ISLAMABAD: In the wake of the Pulwama attack and baseless allegations from New Delhi, which killed at least 44 Indian security personnel in Kashmir, Pakistan on Monday recalled its high commissioner from India.
According to the Foreign Office (FO), the envoy has been recalled to Islamabad for ‘consultations’.
Suhail Mahmood left New Delhi on Monday morning, confirmed the FO.
Pakistan launched a diplomatic offensive to counter Indian attempts to link Islamabad with Thursday’s Pulwama attack.
Hours after New Delhi pointed fingers at Pakistan and threatened to take “revenge”, Pakistan on Friday reached out to the five permanent members of United National Security Council (UNSC) to offset the Indian propaganda.
Foreign Secretary Tehmina Janjua invited ambassadors of P-5 countries — US, China, Russia, Britain and France — at the foreign ministry to brief them about the worsening situation. Janjua strongly rejected Indian allegations against Pakistan following the attack.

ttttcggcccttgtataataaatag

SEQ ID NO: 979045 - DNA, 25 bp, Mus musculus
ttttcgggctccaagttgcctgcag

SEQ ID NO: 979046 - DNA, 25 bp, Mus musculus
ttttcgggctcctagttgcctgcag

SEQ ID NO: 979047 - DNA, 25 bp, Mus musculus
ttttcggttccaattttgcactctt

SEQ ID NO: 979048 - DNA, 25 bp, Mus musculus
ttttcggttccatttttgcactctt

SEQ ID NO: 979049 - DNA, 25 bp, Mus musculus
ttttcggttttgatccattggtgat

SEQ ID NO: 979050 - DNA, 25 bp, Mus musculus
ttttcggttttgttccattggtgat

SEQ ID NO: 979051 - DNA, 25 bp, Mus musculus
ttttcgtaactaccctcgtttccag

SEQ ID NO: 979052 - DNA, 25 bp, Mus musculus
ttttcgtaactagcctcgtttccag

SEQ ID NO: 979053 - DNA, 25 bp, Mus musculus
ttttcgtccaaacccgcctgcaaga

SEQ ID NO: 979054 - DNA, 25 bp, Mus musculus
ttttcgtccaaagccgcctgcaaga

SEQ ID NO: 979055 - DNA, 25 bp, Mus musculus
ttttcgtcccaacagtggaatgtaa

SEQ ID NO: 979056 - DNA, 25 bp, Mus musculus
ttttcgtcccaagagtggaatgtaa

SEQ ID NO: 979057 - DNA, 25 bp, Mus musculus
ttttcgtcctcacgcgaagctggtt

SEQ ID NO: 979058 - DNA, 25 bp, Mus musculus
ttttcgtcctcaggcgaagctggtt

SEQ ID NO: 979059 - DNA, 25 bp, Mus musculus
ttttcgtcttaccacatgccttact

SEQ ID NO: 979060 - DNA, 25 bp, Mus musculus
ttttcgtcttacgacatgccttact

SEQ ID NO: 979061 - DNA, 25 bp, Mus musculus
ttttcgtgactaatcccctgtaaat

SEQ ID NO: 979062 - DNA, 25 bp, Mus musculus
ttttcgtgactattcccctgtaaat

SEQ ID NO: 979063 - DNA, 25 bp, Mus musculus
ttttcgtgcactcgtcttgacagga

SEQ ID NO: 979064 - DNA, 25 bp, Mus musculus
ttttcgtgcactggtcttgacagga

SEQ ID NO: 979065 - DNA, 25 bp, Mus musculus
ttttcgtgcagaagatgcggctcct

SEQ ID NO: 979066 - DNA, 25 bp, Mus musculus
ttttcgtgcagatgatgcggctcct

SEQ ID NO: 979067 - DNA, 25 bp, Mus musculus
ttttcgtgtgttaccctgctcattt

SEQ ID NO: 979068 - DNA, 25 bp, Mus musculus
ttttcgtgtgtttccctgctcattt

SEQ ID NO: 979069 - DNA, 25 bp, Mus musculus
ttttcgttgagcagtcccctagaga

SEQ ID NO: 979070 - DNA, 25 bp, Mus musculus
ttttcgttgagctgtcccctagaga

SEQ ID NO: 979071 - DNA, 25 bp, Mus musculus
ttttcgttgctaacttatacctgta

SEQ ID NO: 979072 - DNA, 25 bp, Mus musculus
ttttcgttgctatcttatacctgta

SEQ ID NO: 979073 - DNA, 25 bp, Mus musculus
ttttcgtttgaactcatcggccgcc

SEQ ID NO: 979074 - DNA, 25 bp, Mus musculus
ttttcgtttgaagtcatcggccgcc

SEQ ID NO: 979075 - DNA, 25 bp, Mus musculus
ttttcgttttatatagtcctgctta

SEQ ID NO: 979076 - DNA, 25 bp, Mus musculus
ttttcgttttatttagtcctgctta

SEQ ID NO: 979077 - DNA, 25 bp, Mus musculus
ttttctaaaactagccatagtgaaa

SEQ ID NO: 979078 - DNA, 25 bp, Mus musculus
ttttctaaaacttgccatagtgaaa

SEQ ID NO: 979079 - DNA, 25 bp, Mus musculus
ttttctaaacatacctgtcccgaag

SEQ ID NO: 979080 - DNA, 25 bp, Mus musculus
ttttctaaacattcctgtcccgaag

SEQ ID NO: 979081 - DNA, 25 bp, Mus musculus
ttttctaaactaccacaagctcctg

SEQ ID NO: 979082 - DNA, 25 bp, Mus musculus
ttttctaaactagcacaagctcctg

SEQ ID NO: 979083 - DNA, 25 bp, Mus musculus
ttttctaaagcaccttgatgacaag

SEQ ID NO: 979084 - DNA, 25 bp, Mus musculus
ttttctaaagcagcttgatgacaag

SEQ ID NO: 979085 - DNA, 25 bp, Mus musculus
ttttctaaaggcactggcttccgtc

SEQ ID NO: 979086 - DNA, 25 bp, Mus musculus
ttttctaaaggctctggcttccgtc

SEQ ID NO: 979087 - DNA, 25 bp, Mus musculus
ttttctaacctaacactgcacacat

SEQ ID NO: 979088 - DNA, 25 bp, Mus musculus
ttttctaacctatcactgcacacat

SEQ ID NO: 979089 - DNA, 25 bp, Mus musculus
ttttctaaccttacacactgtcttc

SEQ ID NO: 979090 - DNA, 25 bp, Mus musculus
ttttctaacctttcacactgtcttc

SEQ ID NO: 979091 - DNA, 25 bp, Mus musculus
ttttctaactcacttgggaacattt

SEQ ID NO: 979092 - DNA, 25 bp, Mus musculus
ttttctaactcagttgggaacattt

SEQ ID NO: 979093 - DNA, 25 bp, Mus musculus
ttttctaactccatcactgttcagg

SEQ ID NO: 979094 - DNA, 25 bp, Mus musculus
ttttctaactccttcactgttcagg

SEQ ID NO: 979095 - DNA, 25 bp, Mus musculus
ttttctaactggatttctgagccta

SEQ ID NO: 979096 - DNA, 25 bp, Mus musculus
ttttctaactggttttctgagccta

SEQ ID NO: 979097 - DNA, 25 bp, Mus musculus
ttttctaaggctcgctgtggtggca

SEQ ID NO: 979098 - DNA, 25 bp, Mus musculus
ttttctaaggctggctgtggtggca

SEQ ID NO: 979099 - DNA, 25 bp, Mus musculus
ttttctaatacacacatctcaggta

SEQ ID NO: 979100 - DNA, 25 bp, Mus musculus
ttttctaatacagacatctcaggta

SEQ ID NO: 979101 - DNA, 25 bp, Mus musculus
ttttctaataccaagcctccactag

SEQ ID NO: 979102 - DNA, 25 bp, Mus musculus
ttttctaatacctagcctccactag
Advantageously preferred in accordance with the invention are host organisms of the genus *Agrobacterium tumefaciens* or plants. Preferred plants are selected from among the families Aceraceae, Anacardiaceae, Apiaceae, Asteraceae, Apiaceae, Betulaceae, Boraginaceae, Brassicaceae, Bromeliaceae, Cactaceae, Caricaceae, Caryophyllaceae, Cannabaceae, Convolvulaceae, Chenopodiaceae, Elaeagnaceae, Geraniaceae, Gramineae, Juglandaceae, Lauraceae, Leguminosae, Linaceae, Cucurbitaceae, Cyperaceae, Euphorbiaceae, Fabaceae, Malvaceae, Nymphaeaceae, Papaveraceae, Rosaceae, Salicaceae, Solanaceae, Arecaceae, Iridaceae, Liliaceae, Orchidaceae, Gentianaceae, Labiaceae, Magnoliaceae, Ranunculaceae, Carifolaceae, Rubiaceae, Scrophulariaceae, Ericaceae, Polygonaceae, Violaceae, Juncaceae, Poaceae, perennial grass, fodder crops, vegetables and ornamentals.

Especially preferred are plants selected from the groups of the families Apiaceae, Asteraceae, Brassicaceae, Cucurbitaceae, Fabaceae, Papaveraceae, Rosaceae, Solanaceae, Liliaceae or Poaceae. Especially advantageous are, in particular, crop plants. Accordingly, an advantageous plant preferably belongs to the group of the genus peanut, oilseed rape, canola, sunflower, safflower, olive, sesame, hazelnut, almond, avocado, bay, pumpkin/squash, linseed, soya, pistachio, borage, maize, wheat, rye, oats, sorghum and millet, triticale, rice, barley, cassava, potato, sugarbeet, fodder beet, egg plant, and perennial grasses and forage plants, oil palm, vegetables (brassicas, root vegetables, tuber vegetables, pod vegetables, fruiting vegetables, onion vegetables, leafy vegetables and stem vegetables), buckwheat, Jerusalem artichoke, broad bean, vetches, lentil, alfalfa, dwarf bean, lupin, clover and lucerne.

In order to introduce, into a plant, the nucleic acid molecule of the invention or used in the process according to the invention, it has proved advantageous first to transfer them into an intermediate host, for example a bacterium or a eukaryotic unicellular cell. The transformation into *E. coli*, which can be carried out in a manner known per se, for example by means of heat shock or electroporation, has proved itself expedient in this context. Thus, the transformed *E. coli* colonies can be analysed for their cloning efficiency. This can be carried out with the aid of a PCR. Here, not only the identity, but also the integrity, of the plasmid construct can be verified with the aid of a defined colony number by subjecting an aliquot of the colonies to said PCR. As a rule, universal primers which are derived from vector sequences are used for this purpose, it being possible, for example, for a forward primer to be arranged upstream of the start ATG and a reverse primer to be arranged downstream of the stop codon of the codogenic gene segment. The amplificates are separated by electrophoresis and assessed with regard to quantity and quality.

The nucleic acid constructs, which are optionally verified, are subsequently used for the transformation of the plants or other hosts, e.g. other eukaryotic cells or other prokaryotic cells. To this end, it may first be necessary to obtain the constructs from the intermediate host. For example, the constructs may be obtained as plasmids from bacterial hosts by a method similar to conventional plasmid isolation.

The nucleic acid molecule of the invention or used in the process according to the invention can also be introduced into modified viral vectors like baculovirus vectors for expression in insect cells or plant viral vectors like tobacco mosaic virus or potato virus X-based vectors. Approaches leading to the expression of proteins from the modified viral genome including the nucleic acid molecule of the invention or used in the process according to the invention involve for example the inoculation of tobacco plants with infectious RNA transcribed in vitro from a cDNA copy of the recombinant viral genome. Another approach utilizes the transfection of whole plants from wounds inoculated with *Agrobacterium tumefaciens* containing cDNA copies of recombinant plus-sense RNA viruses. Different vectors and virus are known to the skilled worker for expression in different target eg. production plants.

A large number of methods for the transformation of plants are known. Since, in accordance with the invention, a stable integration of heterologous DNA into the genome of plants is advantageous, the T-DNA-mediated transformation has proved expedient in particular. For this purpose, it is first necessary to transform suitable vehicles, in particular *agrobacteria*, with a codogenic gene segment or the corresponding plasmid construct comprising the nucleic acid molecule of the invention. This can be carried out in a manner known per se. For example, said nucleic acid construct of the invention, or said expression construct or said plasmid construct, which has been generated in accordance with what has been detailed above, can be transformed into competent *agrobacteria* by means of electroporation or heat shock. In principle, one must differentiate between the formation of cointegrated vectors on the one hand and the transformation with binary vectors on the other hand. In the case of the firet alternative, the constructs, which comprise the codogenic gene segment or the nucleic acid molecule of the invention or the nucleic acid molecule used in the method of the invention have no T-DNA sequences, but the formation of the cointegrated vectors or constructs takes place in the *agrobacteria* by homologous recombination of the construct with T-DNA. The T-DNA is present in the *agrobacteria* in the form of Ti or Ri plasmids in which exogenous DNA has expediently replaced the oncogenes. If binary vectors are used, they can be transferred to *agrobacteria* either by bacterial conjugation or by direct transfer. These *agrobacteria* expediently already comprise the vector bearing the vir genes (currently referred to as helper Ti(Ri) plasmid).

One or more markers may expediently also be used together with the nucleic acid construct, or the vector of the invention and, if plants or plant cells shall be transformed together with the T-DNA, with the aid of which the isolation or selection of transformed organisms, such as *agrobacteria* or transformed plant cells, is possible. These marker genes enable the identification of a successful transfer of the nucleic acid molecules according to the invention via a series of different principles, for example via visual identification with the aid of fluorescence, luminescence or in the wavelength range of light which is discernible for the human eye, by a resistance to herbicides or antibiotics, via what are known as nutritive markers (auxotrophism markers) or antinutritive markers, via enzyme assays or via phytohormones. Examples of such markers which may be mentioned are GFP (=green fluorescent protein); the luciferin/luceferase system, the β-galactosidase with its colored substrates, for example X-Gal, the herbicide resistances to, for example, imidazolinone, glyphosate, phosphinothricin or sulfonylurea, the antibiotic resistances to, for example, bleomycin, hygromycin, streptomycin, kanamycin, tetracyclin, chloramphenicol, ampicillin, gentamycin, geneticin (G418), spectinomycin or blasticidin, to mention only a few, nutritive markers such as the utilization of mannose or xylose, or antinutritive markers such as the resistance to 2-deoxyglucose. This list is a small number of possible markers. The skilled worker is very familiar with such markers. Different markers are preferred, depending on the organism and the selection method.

We have called back our HIgh Commissioner in India for consultations.
He left New Delhi this morning .
— Dr Mohammad Faisal (@ForeignOfficePk) February 18, 2019
“She noted a familiar Indian pattern of immediate and reflexive assignment of blame on Pakistan without investigations,” according to a statement issued by the foreign office. The foreign secretary said that Pakistan had pursued a “constructive approach” towards India, it added.
“Pakistan’s offer of dialogue and the Kartarpur initiative are a clear evidence of this,” the statement quoted the foreign secretary as saying. “Ratcheting up tensions in the region will be counterproductive,” she told the envoys.
Meanwhile, Pakistan put its troops along the LoC and the WB on ‘high alert’ to deal with any ‘misadventure’ from across the border in the wake of Thursday’s deadly attack in Indian-Occupied Kashmir, officials here said.
The attack – around 20 kilometres from the city of Srinagar on the main highway to Jammu – apparently claimed by the banned Jaish-e-Mohammad (JeM) was the worst in Indian-occupied Kashmir in three decades.